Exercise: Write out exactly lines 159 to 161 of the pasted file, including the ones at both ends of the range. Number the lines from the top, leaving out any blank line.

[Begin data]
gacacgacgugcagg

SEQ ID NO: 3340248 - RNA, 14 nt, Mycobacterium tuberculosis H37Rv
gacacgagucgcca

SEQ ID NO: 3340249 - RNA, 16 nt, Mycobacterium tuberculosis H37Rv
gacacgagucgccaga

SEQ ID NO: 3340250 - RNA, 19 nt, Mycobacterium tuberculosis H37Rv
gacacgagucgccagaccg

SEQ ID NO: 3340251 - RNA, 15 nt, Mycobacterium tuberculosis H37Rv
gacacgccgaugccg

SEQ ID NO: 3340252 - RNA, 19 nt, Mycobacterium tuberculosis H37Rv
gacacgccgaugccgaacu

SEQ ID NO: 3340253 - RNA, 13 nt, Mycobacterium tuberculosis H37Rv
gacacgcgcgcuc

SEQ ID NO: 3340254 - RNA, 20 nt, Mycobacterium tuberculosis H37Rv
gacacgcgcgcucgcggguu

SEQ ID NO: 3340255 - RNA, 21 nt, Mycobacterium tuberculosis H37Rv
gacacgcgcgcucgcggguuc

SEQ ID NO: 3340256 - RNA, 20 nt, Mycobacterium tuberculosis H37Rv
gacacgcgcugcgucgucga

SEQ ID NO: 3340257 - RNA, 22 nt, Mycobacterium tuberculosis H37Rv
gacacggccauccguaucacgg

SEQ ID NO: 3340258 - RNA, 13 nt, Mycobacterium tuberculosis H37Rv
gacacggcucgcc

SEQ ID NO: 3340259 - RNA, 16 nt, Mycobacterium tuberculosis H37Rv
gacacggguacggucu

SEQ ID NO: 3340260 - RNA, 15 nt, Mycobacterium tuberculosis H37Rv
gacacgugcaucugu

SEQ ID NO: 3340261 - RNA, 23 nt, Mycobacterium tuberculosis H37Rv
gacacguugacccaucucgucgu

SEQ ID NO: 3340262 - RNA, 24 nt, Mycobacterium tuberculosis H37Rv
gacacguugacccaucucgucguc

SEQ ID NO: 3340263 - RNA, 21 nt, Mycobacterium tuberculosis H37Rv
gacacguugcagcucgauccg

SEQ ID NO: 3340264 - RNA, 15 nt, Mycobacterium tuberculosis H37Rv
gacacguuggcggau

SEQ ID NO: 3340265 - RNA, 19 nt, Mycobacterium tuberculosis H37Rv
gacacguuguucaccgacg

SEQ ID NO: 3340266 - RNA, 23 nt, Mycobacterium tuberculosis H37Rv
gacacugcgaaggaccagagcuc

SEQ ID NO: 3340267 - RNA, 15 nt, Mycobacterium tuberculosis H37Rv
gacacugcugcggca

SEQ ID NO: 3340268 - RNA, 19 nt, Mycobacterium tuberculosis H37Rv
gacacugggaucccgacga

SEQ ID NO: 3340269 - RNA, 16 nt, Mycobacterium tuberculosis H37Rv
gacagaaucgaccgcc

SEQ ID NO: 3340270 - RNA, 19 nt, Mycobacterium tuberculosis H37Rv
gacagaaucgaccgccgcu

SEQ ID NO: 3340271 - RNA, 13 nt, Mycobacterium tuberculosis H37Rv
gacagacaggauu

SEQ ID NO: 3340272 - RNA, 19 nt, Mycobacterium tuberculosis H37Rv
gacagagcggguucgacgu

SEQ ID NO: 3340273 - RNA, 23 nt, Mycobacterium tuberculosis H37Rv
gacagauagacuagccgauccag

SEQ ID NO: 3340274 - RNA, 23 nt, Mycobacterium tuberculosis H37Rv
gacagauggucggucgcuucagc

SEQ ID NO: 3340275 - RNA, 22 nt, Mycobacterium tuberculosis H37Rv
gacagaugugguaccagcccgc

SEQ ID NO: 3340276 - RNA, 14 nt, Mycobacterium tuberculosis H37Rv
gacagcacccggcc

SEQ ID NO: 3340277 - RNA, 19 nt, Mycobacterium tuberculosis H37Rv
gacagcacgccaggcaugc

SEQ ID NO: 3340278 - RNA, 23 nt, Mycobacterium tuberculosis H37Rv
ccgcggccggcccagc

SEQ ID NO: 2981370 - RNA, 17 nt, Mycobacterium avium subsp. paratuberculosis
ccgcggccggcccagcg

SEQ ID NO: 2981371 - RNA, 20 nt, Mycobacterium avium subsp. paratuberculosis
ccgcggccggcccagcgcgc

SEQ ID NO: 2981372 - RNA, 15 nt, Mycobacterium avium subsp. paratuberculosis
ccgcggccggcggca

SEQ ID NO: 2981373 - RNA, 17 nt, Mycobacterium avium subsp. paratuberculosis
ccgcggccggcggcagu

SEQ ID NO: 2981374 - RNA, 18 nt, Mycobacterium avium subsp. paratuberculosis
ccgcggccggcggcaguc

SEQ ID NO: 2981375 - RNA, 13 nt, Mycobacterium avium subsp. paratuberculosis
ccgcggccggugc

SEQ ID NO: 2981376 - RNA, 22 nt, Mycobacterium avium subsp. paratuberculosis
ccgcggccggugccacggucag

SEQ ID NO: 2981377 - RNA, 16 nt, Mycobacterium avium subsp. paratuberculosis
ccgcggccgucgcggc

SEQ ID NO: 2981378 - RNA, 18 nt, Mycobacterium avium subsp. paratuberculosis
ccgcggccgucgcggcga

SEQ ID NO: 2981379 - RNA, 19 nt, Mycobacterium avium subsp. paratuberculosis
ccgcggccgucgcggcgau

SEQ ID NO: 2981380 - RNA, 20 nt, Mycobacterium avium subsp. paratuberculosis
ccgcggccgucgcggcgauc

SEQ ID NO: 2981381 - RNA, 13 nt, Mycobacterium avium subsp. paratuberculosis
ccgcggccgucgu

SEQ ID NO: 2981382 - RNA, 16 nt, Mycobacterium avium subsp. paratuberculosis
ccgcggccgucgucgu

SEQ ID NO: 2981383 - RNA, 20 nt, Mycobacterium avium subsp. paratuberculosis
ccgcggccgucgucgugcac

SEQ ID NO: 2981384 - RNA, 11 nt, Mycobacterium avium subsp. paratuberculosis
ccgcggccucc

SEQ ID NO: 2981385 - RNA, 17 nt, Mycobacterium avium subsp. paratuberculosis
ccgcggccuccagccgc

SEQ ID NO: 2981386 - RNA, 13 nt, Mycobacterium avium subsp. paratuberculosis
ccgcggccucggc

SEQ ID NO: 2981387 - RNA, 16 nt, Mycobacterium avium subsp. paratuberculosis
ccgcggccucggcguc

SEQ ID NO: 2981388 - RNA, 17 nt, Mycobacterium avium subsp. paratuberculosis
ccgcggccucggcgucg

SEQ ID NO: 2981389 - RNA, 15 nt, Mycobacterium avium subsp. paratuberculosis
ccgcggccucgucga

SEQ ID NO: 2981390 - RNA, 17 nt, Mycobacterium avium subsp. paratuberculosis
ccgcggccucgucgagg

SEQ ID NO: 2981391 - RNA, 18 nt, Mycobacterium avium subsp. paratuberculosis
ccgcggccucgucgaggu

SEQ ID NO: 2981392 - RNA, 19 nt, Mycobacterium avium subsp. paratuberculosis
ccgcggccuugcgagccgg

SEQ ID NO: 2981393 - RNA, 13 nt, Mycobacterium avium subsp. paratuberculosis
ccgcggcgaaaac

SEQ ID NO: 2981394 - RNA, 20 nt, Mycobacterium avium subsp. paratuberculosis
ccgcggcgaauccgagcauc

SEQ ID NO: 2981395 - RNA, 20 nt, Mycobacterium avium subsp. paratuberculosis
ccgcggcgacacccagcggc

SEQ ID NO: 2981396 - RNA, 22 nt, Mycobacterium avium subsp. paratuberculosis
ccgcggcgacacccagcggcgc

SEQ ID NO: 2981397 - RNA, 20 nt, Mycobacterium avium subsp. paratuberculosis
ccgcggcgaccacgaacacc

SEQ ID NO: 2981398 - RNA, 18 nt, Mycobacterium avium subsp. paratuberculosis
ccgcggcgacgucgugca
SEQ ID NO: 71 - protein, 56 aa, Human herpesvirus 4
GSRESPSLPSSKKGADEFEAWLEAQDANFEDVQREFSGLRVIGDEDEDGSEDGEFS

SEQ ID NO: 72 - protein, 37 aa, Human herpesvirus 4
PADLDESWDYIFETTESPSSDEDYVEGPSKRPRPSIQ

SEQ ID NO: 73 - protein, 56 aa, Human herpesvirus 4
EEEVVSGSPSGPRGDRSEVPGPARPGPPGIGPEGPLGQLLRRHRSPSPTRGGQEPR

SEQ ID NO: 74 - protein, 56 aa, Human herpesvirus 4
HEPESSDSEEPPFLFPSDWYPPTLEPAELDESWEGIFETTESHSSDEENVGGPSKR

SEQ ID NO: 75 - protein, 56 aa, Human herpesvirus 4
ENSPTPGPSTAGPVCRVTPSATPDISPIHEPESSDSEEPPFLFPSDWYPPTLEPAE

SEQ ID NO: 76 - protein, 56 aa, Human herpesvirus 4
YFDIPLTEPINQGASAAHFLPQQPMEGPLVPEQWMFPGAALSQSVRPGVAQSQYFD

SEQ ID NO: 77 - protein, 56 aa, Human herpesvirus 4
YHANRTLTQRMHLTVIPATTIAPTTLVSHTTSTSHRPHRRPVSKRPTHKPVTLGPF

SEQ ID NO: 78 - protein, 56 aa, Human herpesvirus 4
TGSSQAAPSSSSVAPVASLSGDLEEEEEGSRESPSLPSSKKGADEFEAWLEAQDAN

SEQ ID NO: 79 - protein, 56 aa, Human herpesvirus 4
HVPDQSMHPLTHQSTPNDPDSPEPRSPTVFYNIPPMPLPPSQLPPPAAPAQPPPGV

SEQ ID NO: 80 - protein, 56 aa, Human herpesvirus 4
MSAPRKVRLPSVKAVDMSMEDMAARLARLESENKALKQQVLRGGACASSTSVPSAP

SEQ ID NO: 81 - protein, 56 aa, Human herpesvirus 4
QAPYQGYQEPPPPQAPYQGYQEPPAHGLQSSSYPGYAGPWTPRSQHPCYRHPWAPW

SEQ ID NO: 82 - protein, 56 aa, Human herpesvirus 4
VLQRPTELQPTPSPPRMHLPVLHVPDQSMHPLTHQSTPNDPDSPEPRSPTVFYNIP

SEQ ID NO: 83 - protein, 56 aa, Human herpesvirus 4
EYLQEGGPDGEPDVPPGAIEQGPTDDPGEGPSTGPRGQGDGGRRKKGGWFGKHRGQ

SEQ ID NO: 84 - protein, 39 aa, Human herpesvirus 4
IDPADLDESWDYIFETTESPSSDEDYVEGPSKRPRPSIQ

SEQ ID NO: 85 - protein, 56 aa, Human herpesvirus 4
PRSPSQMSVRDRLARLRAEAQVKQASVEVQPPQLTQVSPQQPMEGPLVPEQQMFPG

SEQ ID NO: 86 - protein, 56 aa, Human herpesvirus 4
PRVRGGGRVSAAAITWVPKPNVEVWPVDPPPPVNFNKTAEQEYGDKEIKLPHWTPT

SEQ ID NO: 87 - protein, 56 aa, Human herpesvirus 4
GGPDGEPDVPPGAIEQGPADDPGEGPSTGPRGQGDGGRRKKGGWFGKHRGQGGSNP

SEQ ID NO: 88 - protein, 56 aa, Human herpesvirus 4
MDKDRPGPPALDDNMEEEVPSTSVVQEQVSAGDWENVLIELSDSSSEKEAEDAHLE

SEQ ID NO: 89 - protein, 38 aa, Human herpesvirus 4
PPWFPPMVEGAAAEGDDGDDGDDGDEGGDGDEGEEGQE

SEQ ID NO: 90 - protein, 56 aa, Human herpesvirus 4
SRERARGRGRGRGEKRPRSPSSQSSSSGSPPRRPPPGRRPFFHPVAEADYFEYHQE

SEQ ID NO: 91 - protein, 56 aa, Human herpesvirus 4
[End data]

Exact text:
PPWFPPMVEGAAAEGDDGDDGDDGDEGGDGDEGEEGQE

SEQ ID NO: 90 - protein, 56 aa, Human herpesvirus 4
SRERARGRGRGRGEKRPRSPSSQSSSSGSPPRRPPPGRRPFFHPVAEADYFEYHQE